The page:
Protecting Water

Protecting Water

TransCanada recognizes water as a fundamental component of the ecosystems where we operate. The protection of our water resources is of the utmost importance to both the environment and our business.

How We Protect Water

Whenever the potential exists for a proposed facility or pipeline to interact with water resources, we conduct evaluations to understand the full nature and extent of the interactions.

TransCanada plays a key role in advancements related to reducing the environmental impacts not only of our own activities, but across the industry. We continually study and predict the effects of pipelines on soil, surface water and groundwater conditions to ensure every possible step is taken to mitigate impacts.

Water Crossings

When planning to build a new pipeline, information is gathered about water bodies along a proposed pipeline route. This information, along with regulatory requirements, industry best practices, constructability and economic feasibility, is used to determine the pipeline installation method.

Read more in our water crossing fact sheet.


How We Cross Water Safely

Given the sensitivity of water resources, environmental protection measures are implemented to avoid or minimize potential adverse effects on the environment at water body crossings during construction and throughout the life cycle of our pipeline operations.

Learn more about the techniques we use to cross rivers and streams when installing new pipelines.


Innovation Reduces Environmental Impact

TransCanada borrows fresh water from water resources to test the integrity of our pipelines. When we conduct hydrostatic pressure testing of our pipelines, water is returned to the environment only after testing and treating if required, in compliance with all applicable regulations. Still, we continue to invest our R&D dollars to reduce environmental impact through advancement of tools such as Electromagnetic Acoustic Transducer (EMAT) technology.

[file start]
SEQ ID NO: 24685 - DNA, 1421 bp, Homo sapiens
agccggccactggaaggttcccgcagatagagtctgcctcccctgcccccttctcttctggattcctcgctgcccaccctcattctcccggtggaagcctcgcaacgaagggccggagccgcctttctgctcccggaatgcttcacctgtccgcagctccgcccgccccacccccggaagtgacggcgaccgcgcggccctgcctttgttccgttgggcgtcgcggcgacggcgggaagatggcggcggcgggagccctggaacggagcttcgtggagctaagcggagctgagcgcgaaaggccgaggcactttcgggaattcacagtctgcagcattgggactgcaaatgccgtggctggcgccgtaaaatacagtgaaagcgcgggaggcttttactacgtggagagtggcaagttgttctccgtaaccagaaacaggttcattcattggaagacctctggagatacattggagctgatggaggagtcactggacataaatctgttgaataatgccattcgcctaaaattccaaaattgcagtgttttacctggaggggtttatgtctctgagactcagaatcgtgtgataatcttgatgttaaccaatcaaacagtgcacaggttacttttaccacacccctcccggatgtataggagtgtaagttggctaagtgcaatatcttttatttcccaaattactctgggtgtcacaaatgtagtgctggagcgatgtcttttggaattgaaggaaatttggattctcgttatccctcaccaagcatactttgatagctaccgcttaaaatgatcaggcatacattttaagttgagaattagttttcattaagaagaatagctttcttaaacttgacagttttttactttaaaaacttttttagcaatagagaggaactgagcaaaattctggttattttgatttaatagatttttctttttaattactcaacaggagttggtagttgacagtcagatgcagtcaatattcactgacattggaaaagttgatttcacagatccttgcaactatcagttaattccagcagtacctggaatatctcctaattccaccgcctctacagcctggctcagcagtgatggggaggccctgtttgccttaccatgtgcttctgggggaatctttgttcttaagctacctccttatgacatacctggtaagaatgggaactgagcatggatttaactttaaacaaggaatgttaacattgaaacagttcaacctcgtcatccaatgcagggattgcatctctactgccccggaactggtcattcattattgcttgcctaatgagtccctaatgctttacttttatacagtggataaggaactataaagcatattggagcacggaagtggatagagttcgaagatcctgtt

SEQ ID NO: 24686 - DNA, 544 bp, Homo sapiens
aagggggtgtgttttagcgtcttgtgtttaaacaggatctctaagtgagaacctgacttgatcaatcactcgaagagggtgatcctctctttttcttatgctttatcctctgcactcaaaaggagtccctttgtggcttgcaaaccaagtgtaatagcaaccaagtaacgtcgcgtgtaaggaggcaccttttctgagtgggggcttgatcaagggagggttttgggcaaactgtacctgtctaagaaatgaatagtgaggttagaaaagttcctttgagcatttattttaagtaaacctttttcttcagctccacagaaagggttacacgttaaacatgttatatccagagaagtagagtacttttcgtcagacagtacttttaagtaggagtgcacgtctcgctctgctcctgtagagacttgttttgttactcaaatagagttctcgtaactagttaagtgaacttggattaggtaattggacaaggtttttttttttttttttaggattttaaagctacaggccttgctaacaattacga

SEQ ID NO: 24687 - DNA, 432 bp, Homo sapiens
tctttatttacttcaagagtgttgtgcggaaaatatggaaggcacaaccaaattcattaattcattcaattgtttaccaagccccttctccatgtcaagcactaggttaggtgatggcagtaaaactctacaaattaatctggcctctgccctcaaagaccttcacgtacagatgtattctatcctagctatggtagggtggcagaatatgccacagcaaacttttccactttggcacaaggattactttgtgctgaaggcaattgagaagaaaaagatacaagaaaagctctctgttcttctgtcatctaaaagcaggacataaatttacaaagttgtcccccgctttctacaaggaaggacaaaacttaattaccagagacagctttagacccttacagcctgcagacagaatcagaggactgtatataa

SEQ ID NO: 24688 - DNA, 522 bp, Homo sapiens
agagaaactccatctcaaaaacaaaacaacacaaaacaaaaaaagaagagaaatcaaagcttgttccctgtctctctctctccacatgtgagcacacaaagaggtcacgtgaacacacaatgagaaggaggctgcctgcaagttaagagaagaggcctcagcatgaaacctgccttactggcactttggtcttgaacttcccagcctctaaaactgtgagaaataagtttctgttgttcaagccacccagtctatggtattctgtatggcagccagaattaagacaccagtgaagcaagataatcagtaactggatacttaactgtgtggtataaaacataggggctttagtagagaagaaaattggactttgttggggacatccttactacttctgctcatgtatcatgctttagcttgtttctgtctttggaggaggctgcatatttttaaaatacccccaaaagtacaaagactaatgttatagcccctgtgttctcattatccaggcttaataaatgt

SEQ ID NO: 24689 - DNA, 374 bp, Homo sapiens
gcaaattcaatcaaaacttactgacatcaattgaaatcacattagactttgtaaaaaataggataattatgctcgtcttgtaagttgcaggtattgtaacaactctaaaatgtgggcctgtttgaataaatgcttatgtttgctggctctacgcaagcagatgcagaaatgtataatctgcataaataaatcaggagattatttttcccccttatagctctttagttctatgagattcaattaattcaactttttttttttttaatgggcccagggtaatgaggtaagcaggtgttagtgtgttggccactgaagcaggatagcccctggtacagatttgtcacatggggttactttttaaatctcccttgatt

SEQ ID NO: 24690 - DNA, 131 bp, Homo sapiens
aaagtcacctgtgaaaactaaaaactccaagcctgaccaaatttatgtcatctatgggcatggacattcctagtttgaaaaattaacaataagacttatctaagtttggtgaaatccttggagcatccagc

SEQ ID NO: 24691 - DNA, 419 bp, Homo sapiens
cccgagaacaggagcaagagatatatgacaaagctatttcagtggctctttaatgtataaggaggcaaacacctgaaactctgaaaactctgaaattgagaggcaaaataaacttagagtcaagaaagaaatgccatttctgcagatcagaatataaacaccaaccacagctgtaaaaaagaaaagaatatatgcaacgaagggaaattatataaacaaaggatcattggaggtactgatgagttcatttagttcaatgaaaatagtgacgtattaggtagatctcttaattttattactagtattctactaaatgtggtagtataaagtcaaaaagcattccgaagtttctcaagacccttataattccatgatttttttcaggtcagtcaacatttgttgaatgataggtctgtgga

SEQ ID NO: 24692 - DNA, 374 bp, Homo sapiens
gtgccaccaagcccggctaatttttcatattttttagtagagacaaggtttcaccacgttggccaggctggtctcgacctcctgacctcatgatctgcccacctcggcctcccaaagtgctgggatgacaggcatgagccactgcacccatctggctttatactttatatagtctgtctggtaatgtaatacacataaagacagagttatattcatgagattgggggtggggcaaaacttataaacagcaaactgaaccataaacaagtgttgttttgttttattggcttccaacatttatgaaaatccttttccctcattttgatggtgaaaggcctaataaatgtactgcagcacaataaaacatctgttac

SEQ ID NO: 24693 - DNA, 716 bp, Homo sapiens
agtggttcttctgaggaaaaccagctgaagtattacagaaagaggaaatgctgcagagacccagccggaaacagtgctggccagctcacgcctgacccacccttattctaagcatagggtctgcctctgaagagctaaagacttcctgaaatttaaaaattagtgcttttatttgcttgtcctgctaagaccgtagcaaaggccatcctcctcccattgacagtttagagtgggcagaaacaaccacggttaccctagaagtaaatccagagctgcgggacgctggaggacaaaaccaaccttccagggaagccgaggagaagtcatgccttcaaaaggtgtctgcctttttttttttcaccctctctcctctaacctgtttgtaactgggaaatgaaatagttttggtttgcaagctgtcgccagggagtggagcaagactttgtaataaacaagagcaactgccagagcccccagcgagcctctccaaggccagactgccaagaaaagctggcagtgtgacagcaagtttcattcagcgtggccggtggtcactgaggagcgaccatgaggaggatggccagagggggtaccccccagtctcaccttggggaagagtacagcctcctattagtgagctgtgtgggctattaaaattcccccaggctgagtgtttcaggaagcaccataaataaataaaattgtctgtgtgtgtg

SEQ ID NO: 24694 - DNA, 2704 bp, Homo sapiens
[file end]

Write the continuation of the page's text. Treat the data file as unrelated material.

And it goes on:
Our advancement of EMAT technology, a non-destructive inline inspection tool that uses sound waves to detect defects in steel pipelines, has allowed EMAT to be used as an alternative to the hydrostatic testing of pipelines, eliminating impact to water sources and resulting in considerable cost savings. TransCanada continues our work on this important innovative initiative as part of our commitment to protecting the environment.


Performance and Recognition

"(The Project of the Year award) is a high honour in the world of trenchless crossing technology. It means a lot to those of us who work day in and day out to install pipelines in a way that minimizes the environmental impact while delivering the energy products our society needs." Tim Smith, pipeline project manager for the Northern Courier Pipeline Project

In 2016, our work on the Northern Courier Pipeline earned us the Project of the Year award by the North American Society for Trenchless Technology, an organization dedicated to the benefits of trenchless water-crossing technology.

Learn more about how we built North America’s longest, 42-inch wide HDD (horizontal directional drill) and earned the award.


Case Study: Restoring Trout Habitat

Sometimes, small steps can springboard into giant leaps. After flooding in southern Alberta necessitated work on our NGTL Pipeline system, we took the opportunity to go the extra mile and restored the nearby habitat of a threatened species of trout.

Learn more about our role in this important project

Case Study


Always Being Prepared

TransCanada has a long-standing commitment to protecting the environment where we live and work. While we have a top industry safety record, we believe every incident is preventable and strive for zero safety incidents.

That being said, our rigorous emergency management system also ensures we are prepared in the case of an incident at one of our facilities or along our pipelines, including regular emergency drills to ensure we have the tools and resources to protect people and the environment, including water resources.

Our ability to respond was tested recently during a day-and-a-half-long exercise, dubbed “Operation Riverboat,” that simulated an oil spill resulting from a third-party pipeline strike near water in Yankton, South Dakota.

Read more to find out how we performed during the drill.